Other literary forms

(Survey of Novels and Novellas)
ph_0111201621-Richardson.jpg Samuel Richardson Published by Salem Press, Inc.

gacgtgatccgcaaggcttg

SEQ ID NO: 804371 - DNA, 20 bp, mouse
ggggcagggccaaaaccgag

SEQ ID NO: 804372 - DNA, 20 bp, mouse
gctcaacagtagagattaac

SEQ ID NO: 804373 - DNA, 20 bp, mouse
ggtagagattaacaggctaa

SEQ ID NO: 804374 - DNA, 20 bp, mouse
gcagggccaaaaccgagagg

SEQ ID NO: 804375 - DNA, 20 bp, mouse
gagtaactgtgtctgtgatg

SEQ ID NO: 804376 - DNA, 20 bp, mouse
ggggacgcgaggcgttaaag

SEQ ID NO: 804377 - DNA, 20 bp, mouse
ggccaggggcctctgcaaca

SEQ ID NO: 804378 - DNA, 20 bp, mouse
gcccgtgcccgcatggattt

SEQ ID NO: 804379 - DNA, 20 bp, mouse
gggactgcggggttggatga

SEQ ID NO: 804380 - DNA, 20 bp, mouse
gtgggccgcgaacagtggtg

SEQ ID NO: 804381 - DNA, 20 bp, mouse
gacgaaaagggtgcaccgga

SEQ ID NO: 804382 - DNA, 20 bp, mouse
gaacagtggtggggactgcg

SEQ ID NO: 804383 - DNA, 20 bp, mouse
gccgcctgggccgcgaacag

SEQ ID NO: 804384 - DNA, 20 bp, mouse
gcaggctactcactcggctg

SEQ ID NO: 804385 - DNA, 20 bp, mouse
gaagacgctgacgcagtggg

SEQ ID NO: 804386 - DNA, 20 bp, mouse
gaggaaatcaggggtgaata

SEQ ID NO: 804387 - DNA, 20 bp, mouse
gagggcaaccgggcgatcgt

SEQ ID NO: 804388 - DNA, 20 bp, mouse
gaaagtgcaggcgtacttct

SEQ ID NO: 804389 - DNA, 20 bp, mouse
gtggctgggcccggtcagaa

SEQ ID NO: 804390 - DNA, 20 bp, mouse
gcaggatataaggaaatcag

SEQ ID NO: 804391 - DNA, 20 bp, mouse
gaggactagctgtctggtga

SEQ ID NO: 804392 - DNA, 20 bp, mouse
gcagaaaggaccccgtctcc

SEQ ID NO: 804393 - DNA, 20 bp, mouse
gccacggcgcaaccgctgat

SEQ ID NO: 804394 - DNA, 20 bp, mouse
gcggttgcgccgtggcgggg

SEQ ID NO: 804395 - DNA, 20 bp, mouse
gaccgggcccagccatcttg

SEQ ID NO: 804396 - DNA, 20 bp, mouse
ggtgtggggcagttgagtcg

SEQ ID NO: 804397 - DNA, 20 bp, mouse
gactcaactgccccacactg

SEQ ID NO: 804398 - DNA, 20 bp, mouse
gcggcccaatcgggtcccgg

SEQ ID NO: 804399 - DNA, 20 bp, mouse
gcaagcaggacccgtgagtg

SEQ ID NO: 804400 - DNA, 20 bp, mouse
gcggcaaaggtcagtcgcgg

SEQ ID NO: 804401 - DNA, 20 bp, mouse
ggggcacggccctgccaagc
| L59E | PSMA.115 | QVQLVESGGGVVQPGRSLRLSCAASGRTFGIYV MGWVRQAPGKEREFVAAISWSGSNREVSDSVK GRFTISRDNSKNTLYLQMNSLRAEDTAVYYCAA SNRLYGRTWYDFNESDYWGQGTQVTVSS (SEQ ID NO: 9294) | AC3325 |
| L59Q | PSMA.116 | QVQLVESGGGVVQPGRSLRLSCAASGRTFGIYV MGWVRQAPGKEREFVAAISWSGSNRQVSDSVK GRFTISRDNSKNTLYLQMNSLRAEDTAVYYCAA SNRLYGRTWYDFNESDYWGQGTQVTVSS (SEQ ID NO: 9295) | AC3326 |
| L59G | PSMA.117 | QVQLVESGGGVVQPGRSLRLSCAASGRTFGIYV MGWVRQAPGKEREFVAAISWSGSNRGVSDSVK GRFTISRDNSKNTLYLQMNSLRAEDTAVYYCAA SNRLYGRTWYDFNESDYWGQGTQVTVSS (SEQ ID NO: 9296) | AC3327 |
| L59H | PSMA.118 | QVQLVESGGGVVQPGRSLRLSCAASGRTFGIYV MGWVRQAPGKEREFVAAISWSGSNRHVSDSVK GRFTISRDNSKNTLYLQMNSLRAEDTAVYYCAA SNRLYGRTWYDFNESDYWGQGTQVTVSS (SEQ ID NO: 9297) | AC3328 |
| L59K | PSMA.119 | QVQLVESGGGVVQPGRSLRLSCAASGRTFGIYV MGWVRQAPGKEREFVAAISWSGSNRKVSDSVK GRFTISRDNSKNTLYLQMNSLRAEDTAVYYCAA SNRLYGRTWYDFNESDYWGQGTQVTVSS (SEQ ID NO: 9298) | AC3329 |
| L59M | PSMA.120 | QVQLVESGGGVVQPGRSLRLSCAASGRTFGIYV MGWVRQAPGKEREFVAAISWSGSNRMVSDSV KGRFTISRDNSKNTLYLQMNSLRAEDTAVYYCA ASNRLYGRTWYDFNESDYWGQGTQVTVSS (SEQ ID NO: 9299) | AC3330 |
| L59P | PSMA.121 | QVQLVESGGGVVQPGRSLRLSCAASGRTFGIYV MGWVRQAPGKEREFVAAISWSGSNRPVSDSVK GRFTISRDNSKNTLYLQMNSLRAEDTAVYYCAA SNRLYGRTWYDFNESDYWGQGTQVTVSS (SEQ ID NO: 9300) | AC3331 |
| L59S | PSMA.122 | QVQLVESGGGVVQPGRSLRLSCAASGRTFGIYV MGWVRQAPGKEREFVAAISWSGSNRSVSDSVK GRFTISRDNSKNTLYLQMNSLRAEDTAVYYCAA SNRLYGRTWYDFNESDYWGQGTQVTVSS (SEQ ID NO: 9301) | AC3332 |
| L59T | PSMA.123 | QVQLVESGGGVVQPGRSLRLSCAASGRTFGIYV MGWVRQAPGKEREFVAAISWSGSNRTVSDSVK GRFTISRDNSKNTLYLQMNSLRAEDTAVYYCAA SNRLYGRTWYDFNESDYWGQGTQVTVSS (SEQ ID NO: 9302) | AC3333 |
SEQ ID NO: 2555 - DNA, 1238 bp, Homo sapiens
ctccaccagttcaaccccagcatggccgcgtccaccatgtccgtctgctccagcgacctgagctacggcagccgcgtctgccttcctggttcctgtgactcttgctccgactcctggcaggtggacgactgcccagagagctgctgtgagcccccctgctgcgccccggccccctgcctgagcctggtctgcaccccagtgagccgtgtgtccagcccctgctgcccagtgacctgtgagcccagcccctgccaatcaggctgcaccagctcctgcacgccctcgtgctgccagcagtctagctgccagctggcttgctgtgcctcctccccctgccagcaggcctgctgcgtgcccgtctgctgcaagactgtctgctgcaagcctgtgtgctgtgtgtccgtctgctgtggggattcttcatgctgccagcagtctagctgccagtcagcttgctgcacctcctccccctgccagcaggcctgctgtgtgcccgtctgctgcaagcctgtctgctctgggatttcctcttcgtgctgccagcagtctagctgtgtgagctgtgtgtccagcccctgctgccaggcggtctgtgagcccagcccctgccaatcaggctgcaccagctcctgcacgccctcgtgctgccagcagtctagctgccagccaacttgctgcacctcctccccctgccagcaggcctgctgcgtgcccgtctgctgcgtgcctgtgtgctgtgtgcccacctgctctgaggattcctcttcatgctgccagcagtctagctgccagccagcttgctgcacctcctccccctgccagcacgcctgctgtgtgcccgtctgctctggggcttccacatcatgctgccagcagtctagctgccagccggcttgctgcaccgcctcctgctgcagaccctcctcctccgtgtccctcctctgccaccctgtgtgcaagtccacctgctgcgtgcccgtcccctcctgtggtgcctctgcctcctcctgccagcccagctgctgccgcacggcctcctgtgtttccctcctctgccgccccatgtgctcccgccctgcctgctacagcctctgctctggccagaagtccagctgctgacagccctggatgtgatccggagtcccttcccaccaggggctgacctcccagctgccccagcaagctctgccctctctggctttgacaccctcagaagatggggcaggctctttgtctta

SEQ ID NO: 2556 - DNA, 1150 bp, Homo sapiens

In addition to the three novels on which his fame and reputation rest, Samuel Richardson’s best-known work is a collection of fictitious letters that constitutes a kind of eighteenth century book of etiquette, social behavior, manners, and mores: Letters Written to and for Particular Friends, on the Most Important Occasions (1741), customarily referred to as Familiar Letters. It had been preceded, in 1733, by a handbook of instruction concerning the relationship between apprentices and master printers, which grew out of a letter Richardson had written to a nephew in 1731, The Apprentice’s Vade Mecum: Or, Young Man’s Pocket Companion (1733). Throughout his life, Richardson, like so many of his contemporaries, was a prolific letter writer; notable selections of his correspondence include six volumes edited by his contemporary and early biographer, Anna L. Barbauld, the first of which was published in 1804, and his correspondence with Johannes Stinstra, the Dutch translator of his novels to whom Richardson had sent a considerably important amount of autobiographical material. Of only minor interest is Richardson’s A Collection of the Moral and Instructive Sentiments, Maxims, Cautions, and Reflexions, Contained in the Histories of Pamela, Clarissa, and Sir Charles Grandison, published anonymously in 1755, a series of excerpts emphasizing his conviction that “instruction was a more important obligation to the novelist than entertainment.”